by Option Review - April 9th, 2013 3:13 pm
Today’s tickers: GDX, BX & TXN
by Option Review - April 1st, 2013 1:44 pm
Today’s tickers: EBAY, TXN & THC
by phil - June 29th, 2012 7:47 am
I love it when a plan comes together!
As you know, we took an aggressive, protective short on Wednesday afternoon so it was "wheeeeeee!" on the dip with our prediction of XLF hitting $14 coming in to the penny while our JPM bottom target of $34.75 missing by .10, as we bottomed out at $34.85 before popping back $1 (3%) but, in all fairness, I did say "around $34.75" in the morning – so we knew it wasn't an exact target.
While we bottom-fished all day, I officially called the turn at 2:48, saying to our Members in Chat:
If you want a thrill ride, you can now buy the QQQ next week $61/62 bull call spread for .55 and that should be able to stop out with a .20-25 loss if things go badly tomorrow but make a nice double if the Qs head back up (now $61.58). Note we got wiped out on our this week $63s so not at all a sure thing.
Also, UCO just seems silly at $23.50 with July 4th coming up – I like the July $23/24 bull call spread at .50.
TNA next weekly $47 calls at $2.15 are also fun but those can cost you if things go the wrong way but TNA was $50 2 days ago and $52.50 2 weeks ago so they could make a nice payoff quickly.
Damn, I guess I still think the EU comes through tomorrow….
We didn't have to wait until tomorrow, of course. Someone (who will never be investigated) jumped the gun with a $3.3Bn block purchase of 50,000 S&P E-Mini Futures and that reversed almost all of the day's drop into the close. Then we got word of the expected $120Bn whatever they are calling it from the EU after hours and we got even better news at night as they took various steps to do stuff that I really don't care about because it isn't enough cash and it's going to fail again unless they pump it up by about 3x today.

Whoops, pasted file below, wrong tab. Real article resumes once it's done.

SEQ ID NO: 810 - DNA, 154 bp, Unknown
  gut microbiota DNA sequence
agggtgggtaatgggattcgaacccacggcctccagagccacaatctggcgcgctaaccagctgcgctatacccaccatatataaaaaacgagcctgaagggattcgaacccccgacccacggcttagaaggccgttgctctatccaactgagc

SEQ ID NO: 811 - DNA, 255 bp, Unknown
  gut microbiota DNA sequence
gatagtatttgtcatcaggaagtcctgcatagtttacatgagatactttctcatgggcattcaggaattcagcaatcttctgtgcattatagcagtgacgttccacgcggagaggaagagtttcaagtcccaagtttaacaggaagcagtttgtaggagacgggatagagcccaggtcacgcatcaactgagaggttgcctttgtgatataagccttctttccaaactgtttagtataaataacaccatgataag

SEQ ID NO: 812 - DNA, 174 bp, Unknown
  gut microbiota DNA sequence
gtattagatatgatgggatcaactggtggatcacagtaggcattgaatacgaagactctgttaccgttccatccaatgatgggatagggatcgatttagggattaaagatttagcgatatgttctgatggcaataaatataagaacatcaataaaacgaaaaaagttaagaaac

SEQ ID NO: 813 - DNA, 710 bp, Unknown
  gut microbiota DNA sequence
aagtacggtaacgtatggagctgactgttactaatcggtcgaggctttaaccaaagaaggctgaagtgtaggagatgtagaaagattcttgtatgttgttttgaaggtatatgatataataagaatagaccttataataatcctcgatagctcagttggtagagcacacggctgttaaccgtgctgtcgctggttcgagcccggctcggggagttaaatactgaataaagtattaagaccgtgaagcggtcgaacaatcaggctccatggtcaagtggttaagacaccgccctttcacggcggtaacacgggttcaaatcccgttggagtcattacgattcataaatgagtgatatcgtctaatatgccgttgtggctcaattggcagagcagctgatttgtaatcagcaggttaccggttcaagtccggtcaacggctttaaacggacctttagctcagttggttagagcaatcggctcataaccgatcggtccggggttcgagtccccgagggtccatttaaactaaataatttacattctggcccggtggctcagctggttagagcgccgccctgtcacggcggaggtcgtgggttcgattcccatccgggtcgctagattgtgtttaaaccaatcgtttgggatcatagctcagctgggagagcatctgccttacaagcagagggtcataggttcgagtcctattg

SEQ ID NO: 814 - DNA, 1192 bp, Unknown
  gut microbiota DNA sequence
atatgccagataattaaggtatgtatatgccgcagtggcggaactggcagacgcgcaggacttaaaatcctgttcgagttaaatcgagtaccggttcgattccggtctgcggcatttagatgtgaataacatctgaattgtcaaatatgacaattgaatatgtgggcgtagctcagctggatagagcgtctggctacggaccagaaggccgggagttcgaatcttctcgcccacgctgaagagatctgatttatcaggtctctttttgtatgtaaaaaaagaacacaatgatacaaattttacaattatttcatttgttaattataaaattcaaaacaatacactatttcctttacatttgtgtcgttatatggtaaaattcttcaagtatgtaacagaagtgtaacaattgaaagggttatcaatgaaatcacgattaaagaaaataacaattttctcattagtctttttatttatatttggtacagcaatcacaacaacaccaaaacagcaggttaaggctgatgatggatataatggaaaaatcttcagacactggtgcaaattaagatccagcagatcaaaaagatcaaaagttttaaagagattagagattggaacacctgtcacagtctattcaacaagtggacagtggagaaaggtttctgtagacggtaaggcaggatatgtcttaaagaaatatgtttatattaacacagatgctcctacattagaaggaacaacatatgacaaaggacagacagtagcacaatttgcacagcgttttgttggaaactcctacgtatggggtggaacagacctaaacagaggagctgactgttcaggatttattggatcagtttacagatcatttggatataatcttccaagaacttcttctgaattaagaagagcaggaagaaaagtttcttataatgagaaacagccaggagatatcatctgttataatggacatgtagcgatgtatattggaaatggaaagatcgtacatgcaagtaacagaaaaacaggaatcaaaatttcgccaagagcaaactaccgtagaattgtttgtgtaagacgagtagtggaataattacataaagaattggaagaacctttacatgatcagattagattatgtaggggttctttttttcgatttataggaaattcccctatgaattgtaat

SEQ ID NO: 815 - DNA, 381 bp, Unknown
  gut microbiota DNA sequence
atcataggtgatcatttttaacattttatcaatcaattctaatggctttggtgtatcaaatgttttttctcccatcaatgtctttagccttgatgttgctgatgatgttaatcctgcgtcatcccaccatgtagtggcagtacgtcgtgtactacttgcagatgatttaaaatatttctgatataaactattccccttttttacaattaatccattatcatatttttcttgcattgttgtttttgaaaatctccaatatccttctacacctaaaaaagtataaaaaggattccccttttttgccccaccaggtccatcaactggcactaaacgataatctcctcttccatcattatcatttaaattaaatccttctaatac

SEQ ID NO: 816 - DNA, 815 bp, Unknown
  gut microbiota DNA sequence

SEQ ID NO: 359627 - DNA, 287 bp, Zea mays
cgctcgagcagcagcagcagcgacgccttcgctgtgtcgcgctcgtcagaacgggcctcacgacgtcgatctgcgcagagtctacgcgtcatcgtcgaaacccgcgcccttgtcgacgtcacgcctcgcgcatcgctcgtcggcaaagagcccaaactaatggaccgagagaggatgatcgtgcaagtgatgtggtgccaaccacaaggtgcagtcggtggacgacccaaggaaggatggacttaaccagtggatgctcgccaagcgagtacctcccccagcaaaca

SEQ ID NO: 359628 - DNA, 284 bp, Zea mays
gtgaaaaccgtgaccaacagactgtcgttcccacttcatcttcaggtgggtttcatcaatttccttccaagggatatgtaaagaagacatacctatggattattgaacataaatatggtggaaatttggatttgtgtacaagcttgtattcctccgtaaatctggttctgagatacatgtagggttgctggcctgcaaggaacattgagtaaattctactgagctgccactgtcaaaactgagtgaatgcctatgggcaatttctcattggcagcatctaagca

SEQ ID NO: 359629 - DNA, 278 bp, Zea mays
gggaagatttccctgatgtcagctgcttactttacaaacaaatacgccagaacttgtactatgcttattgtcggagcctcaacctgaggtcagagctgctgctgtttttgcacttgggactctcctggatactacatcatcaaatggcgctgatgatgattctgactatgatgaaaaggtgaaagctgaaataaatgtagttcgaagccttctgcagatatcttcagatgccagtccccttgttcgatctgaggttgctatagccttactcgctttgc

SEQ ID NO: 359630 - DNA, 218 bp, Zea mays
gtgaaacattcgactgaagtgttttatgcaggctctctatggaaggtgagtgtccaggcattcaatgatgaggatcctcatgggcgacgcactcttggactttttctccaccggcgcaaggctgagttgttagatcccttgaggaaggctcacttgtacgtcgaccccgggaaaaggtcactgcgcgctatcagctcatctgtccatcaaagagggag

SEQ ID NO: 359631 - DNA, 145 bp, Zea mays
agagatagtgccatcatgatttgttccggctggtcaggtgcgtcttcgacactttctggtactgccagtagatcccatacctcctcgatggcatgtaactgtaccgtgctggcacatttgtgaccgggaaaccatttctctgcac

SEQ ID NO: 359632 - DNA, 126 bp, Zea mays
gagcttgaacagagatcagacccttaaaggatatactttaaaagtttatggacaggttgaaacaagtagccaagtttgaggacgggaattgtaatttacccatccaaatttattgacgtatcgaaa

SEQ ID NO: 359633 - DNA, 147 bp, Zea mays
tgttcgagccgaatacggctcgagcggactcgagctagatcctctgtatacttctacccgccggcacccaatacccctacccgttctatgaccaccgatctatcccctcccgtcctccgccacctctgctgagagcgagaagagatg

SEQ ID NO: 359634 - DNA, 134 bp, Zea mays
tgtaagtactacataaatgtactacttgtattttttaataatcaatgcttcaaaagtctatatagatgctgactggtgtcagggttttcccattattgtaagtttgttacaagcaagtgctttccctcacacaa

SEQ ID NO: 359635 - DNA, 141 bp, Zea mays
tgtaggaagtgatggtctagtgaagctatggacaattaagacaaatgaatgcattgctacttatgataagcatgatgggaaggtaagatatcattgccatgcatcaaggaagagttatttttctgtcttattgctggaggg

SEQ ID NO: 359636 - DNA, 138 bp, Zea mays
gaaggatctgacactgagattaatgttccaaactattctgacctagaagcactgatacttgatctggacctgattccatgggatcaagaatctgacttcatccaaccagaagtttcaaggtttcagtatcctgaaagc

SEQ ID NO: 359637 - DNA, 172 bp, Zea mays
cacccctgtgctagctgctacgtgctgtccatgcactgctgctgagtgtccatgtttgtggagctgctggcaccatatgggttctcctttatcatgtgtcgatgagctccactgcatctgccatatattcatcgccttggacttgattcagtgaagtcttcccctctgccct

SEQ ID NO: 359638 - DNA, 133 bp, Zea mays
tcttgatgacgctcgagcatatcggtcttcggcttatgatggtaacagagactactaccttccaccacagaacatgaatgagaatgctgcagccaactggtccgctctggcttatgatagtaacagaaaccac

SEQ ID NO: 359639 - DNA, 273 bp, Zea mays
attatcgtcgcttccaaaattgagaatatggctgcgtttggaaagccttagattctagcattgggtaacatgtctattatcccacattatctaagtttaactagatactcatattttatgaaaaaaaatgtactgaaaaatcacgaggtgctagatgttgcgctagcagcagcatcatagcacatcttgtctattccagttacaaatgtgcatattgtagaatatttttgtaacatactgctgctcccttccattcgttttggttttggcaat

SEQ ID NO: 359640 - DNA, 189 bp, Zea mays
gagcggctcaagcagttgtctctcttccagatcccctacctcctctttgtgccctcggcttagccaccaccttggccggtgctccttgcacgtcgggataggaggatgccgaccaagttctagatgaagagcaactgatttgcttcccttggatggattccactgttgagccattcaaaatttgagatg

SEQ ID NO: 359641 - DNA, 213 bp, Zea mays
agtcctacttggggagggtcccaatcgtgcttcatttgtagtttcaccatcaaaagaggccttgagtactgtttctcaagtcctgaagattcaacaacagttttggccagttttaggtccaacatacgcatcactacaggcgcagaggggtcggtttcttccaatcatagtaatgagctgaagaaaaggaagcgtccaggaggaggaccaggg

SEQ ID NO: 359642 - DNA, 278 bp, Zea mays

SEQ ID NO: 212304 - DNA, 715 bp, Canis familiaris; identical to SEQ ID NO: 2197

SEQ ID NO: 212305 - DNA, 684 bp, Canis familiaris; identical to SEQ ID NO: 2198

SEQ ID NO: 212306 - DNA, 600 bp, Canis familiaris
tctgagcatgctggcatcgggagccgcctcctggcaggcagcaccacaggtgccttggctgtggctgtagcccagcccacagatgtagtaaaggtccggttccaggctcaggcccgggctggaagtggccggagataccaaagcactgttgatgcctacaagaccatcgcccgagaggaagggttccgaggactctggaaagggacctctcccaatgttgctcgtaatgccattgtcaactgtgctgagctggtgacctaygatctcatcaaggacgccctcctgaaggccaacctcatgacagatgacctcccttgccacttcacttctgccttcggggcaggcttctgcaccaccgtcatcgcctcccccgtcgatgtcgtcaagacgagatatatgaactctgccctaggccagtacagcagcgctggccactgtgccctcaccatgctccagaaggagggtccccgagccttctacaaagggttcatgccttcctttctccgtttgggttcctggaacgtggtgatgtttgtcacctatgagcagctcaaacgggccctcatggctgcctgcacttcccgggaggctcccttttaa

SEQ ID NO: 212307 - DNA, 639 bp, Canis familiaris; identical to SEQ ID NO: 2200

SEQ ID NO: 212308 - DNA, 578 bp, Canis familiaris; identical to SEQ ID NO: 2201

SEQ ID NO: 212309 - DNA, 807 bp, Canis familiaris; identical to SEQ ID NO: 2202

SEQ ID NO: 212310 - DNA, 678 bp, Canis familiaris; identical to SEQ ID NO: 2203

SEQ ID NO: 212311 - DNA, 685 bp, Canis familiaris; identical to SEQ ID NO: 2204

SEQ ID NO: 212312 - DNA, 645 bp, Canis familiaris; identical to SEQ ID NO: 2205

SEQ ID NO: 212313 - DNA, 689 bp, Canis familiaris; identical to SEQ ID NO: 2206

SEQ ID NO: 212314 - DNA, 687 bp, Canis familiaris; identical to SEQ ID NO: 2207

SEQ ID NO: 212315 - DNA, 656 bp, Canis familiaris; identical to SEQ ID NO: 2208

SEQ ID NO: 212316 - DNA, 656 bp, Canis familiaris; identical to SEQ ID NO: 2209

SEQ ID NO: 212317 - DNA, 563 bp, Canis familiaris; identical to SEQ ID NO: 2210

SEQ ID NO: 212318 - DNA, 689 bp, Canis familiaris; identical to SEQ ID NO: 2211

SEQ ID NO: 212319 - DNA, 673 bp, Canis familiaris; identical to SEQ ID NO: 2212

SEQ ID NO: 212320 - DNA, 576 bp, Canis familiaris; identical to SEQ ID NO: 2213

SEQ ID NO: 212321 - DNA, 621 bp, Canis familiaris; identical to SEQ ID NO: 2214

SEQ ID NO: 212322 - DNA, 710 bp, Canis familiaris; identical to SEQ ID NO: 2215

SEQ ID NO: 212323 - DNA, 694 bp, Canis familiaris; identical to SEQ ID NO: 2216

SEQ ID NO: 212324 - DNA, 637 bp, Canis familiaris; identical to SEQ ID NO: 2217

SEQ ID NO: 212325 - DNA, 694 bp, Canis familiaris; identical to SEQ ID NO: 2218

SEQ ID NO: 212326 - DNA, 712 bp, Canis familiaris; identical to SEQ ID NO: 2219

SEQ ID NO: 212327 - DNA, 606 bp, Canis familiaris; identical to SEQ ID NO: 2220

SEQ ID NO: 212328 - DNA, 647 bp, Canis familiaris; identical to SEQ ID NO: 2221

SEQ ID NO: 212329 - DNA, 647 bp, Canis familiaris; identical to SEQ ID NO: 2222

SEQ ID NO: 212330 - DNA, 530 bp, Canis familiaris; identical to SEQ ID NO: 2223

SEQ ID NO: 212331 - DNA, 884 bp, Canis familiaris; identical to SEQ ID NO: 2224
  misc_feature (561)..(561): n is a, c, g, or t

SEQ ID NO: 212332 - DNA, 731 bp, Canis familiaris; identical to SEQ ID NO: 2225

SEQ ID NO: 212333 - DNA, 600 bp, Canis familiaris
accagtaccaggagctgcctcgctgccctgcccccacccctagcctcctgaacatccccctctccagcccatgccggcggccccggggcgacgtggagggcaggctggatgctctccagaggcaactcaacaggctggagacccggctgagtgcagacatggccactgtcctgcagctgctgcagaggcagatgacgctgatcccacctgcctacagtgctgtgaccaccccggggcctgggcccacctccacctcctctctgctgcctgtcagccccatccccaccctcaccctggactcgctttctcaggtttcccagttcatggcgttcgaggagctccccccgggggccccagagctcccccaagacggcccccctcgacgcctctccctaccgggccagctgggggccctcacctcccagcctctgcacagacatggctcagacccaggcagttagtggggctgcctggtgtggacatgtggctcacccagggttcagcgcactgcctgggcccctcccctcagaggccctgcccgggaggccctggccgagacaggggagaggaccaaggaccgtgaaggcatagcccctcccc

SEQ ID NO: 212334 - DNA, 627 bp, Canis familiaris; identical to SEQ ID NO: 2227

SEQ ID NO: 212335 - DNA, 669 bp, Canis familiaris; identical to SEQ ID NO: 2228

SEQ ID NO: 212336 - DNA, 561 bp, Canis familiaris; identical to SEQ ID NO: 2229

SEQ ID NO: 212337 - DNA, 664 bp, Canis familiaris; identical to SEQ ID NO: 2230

by phil - July 25th, 2011 8:29 am
This is amazing, isn’t it?
Our "leaders" still can’t work out a debt deal with just 7 days left until the Government shuts down (and we’re already at the end of our bonus time as Treasury has been juggling the books for three months just to allow us this much). I wrote extensively about this over the weekend so we can move on – just as we moved on in Chat yesterday evening when my 6:09 pm Alert to Members was to go long on the Dow Futures (/YM) over the 12,500 line (now 12,543, up $215 per contract), Russell (/TF) at 830 (now 831.80, up $180 per contract) and, of course, shorting oil (/CL) below 99.50 (now $98.97, up $530 per contact) so the winner of the morning is oil! Congrats to all the players with a lovely start to our week!
On the whole, we were just protecting our bearish bets as I remained very grumpy into the weekend on Friday. Those of you who followed our suggestions from Friday’s post were no doubt pleased because, at the time, we were short the Dow Futures at 12,720 and the Russell Futures at 842.60 with $1,100 and 1,260 moves from there to Sunday night’s flip-flop respectively.
We also picked the S&P (/ES) short at 1,346 (now 1,331) and the only one that isn’t working is the Nasdaq (/NQ) – back at the same 2,415 we had in Friday Morning’s Futures. Well, it’s not the only one – gold went over our $1,605 shorting target this morning, after giving us a quick gain on Friday. This is not good for our GLL August $22 calls (.40 on Friday) or our ZSL Sept $11/15 bull call spread at $2, offset with the sale of SLW Sept $44 puts for $1.20 for net .80 on the $4 spread but a nice re-entry opportunity today – if you are still a believer.